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|Title:||Optimal Li-Ion battery sizing on PEMFC hybrid powertrain using dynamic programming|
|Abstract:||This investigation studies the effect of the number of Li-Ion battery modules on the fuel consumption and the 10-year operating cost for optimal powertrain design in a Proton Exchange Membrane fuel cell (PEMFC) hybrid vehicle. A 30kW PEMFC stack is in parallel with a number of 334Wh-LiFePO4 battery modules to deliver its energy to a 77 kW electric drive (ED). The ED output is connected to the gear box and the lower powertrain. For a given road/load mechanical power demand on the vehicle, the ED power profile can be computed. The electrical power-split strategy between the PEMFC and the battery pack plays a great role on the hydrogen fuel consumption and cost. The dynamic programming (DP) approach is adopted to compute the optimal power management strategy and to evaluate the vehicle performance and the average fuel consumption over five different standard driving profiles, i.e. Japan 10/15 mode, UN/ECE, UDDS, HWFET, and SFTP. The objective function to be minimized consists of the fuel cost and the Li-Ion battery cost. Since the Li-Ion battery is expensive, the battery's state of charge (SOC) operating range is limited to 0.5 and 0.7 to prolong the battery lifetime. From the simulation results, it is found that for average driving distance 10,000 km/year, the set of 5 battery modules is the most appropriate option. The set of 8 battery modules is best for average driving distance more than 50,000 km/y. © 2013 IEEE.|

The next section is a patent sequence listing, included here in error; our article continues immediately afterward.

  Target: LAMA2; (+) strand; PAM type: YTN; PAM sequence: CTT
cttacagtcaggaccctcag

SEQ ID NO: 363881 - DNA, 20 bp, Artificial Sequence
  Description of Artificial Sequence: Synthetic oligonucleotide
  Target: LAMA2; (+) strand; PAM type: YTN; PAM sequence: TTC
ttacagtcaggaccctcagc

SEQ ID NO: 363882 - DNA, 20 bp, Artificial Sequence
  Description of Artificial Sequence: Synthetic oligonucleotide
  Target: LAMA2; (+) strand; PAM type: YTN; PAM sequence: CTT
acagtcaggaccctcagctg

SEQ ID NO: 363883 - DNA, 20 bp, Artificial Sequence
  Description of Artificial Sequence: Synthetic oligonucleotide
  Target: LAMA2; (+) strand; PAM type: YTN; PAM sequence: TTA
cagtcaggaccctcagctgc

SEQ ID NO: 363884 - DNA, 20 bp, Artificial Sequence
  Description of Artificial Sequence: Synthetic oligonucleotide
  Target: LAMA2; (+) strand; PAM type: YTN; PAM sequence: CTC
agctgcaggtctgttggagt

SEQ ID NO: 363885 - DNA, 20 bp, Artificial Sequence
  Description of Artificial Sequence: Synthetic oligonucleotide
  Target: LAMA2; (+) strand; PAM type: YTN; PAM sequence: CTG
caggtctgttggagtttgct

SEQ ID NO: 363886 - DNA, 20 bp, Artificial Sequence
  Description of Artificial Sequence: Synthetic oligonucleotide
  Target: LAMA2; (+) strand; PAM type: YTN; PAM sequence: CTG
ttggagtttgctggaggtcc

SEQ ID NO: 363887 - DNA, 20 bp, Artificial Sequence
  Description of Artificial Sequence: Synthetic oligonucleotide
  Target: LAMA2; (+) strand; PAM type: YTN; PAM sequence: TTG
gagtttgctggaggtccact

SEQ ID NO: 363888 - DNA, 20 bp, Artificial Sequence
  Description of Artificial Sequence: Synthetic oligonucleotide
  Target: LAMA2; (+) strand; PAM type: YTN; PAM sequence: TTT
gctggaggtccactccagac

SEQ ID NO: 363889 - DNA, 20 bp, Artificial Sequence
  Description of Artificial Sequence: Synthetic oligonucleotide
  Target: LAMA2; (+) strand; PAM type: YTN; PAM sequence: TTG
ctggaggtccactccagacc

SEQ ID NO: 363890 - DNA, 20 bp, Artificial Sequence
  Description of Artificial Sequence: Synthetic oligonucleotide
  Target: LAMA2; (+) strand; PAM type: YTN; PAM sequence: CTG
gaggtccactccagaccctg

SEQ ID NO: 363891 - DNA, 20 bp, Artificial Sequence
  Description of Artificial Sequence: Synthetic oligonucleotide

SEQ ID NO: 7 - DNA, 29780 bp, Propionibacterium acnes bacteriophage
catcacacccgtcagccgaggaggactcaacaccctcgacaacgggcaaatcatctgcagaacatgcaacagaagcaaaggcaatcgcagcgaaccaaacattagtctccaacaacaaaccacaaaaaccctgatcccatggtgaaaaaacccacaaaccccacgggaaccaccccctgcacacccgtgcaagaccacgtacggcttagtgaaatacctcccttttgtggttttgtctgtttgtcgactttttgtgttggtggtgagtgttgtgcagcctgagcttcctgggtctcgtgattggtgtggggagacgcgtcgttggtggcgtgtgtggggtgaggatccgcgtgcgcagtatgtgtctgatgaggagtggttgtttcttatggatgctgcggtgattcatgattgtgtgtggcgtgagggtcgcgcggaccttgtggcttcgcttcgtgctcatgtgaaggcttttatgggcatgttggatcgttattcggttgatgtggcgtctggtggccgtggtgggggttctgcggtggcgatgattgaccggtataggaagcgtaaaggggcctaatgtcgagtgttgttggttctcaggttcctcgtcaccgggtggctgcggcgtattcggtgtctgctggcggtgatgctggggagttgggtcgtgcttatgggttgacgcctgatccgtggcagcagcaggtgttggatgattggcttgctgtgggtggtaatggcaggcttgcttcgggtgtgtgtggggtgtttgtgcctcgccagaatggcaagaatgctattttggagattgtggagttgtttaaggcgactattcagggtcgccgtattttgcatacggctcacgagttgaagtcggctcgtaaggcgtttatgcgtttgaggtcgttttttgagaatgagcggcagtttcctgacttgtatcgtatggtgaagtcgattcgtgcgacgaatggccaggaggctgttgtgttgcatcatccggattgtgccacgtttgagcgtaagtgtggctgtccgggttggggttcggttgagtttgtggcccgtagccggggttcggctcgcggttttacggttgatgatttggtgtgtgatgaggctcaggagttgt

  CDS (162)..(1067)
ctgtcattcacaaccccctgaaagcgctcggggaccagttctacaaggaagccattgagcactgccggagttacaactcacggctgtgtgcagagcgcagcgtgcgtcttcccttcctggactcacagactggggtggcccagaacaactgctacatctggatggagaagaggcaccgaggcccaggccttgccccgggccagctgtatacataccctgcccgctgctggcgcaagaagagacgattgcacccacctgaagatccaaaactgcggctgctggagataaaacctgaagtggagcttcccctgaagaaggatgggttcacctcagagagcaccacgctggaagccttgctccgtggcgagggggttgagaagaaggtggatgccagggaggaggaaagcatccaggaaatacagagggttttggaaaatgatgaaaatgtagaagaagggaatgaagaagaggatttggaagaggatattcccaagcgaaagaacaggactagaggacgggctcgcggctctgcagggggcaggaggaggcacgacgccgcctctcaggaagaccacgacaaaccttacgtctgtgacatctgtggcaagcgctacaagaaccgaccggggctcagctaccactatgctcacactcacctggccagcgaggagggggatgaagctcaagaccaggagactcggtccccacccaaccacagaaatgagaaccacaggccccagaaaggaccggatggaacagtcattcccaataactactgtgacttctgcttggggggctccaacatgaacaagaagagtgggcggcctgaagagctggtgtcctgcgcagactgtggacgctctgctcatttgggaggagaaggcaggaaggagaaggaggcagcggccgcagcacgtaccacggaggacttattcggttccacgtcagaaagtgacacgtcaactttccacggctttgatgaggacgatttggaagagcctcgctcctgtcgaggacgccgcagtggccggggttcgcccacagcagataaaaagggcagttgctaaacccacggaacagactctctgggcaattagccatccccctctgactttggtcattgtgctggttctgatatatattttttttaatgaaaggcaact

|Appears in Collections:||CMUL: Journal Articles|
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